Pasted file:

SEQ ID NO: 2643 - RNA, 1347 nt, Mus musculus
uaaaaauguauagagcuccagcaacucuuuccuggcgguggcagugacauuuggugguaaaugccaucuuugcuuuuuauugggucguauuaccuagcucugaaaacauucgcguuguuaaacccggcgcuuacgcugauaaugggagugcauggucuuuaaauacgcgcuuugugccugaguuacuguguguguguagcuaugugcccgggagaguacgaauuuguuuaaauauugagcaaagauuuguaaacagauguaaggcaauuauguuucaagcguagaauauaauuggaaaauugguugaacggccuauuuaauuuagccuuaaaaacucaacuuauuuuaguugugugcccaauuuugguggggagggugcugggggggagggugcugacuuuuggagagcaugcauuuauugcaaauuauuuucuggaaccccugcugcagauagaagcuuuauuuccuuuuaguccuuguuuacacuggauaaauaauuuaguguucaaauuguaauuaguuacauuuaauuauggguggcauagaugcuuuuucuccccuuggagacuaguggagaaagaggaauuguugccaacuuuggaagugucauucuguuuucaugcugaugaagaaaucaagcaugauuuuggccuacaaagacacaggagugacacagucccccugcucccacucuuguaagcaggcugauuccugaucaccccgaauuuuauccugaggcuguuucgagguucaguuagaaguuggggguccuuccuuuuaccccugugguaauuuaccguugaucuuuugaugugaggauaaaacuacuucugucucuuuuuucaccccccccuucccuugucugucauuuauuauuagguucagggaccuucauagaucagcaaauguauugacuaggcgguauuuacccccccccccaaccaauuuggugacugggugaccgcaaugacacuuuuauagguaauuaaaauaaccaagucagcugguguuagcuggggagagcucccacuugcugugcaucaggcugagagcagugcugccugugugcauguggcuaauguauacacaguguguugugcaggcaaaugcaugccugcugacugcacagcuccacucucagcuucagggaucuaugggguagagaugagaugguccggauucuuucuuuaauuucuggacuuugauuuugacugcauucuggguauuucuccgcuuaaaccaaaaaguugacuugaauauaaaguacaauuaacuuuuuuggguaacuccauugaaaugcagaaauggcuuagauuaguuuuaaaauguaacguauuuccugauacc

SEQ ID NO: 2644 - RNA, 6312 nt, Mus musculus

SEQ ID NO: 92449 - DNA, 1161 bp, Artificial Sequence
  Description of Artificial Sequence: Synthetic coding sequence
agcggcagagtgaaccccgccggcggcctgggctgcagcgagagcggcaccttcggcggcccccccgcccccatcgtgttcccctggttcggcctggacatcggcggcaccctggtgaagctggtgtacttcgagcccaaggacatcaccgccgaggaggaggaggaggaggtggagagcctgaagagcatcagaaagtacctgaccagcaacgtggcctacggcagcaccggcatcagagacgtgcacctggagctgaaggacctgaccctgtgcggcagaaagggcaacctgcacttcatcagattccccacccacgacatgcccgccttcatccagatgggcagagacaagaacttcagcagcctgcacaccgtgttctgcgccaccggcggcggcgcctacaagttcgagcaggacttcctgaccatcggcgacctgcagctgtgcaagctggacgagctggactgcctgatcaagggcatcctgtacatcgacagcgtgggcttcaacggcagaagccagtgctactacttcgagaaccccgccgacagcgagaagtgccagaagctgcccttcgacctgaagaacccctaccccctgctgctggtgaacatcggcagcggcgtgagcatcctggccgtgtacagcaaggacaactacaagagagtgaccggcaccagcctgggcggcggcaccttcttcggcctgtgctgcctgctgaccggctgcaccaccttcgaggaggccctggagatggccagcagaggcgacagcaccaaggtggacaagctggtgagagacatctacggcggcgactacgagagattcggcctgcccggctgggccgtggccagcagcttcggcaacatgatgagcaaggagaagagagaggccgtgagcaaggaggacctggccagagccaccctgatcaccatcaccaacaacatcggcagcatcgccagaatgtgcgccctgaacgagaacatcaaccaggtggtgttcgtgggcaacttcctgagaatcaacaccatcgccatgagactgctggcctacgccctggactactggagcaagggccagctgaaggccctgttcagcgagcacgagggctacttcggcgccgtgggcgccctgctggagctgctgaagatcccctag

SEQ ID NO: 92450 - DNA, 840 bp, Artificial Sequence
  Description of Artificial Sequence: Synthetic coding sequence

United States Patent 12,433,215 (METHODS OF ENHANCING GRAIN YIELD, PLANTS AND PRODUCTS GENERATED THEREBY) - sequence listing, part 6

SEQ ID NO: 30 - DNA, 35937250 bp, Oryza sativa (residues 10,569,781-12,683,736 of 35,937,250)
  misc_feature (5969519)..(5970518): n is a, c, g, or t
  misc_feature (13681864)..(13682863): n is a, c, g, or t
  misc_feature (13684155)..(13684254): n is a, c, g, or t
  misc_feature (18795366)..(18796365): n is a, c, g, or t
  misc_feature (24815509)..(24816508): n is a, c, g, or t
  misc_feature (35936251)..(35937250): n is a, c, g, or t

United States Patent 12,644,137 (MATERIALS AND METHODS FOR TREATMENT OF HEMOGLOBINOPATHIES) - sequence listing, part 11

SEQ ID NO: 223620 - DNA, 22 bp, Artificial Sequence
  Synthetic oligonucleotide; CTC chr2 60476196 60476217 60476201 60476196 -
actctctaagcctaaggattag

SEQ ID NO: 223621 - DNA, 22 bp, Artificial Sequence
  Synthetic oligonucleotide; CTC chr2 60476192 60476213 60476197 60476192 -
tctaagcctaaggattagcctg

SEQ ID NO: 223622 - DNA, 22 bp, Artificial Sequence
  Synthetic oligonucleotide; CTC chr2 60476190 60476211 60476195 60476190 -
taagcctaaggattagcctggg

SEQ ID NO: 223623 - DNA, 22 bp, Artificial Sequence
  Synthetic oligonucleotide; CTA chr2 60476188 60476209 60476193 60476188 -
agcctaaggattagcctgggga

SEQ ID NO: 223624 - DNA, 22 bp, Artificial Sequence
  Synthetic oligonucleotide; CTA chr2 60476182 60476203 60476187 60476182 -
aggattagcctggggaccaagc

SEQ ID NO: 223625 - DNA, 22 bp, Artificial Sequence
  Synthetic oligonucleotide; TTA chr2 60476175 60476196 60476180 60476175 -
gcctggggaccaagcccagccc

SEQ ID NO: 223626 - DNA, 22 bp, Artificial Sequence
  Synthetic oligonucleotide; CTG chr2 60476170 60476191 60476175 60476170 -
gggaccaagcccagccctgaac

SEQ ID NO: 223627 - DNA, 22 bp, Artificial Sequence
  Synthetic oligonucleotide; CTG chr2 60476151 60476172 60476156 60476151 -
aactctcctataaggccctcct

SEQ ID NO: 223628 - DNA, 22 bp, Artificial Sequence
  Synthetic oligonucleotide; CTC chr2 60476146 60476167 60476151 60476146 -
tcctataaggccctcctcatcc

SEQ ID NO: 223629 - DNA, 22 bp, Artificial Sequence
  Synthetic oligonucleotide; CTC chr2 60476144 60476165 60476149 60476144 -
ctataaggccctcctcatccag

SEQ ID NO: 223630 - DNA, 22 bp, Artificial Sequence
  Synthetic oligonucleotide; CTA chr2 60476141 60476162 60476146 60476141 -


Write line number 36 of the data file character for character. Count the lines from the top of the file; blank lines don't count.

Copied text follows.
SEQ ID NO: 223626 - DNA, 22 bp, Artificial Sequence